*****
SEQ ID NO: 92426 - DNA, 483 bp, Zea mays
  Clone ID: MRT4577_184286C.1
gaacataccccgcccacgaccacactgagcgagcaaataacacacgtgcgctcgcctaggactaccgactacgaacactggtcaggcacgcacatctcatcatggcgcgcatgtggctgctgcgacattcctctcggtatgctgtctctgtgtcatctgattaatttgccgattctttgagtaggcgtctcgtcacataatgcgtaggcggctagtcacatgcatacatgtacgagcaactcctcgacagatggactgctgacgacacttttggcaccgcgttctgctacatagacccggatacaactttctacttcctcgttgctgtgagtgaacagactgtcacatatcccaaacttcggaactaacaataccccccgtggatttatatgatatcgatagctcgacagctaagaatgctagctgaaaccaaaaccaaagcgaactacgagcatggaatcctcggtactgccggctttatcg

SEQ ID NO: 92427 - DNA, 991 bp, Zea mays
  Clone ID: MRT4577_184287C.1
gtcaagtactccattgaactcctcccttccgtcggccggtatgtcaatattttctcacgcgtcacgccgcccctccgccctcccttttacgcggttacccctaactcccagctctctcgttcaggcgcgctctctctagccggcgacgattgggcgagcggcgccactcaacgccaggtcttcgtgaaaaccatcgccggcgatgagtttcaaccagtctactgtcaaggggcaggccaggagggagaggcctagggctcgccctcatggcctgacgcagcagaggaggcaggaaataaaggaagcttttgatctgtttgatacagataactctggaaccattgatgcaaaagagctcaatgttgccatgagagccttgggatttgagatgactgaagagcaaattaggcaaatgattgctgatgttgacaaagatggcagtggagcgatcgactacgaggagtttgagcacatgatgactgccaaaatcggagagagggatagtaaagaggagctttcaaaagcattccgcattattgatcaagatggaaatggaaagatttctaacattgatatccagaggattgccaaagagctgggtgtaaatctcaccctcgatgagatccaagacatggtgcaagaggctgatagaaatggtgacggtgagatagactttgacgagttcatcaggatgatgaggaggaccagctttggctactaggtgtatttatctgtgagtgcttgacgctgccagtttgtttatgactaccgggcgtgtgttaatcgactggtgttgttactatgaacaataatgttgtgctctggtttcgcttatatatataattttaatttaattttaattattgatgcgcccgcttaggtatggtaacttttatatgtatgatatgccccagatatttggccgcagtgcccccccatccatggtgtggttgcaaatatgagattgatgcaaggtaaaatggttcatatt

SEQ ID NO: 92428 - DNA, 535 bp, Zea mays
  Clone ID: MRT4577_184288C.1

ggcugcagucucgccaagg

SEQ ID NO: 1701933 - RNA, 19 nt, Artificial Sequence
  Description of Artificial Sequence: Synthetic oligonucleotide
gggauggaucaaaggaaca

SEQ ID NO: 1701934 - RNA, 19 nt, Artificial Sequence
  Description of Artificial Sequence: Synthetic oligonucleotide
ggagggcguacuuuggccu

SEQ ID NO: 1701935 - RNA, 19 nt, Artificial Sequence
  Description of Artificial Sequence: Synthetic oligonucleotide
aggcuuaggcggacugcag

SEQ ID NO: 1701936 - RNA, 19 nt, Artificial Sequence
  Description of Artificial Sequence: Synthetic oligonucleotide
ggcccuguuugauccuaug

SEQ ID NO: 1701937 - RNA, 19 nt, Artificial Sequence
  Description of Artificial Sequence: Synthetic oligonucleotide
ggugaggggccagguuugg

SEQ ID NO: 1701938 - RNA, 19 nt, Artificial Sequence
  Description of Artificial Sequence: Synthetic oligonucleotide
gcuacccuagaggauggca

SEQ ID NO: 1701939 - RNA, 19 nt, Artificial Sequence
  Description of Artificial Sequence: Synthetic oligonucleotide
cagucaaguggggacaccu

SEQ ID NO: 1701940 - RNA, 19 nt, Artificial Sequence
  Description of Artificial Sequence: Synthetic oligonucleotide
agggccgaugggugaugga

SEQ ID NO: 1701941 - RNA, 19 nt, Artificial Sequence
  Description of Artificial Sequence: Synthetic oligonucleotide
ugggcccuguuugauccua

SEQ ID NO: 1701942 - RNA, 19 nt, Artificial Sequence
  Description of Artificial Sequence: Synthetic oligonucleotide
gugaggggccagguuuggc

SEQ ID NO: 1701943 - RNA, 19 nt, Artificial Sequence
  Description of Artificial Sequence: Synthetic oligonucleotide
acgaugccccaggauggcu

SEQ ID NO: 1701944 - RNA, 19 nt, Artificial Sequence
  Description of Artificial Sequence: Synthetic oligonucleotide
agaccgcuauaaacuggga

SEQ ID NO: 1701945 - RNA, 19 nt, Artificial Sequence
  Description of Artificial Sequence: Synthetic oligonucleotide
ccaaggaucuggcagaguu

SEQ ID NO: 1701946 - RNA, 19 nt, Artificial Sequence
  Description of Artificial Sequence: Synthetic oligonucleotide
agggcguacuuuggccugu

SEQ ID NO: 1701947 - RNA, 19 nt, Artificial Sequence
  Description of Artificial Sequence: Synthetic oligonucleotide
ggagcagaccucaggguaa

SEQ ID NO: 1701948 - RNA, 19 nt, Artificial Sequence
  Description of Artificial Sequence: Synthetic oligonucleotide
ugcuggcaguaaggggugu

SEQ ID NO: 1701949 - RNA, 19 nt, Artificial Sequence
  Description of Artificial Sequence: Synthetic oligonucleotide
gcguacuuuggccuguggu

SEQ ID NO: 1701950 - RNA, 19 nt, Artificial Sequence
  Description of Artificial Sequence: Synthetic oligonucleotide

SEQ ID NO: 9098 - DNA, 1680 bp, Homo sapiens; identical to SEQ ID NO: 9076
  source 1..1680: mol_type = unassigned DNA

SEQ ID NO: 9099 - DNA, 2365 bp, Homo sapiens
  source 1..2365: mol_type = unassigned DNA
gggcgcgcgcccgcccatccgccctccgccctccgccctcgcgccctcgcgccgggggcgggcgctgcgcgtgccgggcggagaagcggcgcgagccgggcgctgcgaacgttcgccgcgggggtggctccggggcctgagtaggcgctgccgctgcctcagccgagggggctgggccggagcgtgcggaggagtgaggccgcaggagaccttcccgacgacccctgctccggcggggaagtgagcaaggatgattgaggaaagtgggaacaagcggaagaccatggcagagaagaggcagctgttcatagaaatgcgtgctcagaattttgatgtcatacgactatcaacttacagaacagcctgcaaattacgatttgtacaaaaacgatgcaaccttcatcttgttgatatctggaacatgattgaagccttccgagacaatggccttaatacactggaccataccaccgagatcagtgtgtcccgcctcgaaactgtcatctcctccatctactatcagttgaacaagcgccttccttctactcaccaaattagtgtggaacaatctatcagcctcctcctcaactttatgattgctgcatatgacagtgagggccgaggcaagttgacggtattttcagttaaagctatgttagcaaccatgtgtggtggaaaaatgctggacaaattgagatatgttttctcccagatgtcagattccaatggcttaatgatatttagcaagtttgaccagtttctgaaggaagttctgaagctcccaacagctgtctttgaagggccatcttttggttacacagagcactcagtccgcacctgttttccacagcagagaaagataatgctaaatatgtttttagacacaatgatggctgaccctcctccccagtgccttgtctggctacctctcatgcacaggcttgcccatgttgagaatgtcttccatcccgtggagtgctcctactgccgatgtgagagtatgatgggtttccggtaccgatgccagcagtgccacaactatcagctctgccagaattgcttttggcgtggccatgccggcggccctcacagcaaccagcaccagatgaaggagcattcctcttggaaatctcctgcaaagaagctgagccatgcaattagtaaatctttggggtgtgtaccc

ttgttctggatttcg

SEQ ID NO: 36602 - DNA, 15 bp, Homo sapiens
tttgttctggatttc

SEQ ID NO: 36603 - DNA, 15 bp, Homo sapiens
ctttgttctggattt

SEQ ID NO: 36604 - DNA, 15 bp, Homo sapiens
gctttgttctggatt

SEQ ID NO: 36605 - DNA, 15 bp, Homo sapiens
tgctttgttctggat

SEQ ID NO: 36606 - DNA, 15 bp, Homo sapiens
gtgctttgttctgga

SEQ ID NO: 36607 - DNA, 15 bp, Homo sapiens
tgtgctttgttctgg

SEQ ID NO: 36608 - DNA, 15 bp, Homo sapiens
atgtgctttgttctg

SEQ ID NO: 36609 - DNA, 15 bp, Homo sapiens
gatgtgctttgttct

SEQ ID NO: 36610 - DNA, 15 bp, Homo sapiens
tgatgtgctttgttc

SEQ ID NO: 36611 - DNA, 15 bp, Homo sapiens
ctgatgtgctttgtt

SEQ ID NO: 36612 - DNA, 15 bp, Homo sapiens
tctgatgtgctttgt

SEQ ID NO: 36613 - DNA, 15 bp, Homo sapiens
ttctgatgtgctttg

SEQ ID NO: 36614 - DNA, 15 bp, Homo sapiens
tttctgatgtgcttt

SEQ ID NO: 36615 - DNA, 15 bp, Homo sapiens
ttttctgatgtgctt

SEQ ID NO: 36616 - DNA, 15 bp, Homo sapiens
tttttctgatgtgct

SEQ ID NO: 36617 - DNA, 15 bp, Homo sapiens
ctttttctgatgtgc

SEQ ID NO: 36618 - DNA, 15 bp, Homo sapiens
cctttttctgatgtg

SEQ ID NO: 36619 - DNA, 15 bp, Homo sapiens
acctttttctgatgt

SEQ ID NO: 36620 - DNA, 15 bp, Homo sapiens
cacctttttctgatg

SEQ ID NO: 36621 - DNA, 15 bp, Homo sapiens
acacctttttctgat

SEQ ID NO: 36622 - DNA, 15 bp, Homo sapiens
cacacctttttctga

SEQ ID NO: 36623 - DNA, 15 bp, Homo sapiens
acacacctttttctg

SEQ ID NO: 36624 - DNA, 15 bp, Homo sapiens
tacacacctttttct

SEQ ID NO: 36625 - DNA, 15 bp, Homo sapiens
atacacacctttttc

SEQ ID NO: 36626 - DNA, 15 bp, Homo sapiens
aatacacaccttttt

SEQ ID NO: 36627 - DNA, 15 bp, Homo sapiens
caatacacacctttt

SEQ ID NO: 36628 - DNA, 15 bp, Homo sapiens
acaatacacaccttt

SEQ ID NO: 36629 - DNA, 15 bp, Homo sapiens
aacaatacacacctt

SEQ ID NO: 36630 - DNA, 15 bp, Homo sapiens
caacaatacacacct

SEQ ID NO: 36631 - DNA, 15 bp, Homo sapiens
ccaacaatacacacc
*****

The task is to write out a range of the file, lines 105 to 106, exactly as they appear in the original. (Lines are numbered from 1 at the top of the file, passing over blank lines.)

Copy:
SEQ ID NO: 36620 - DNA, 15 bp, Homo sapiens
cacctttttctgatg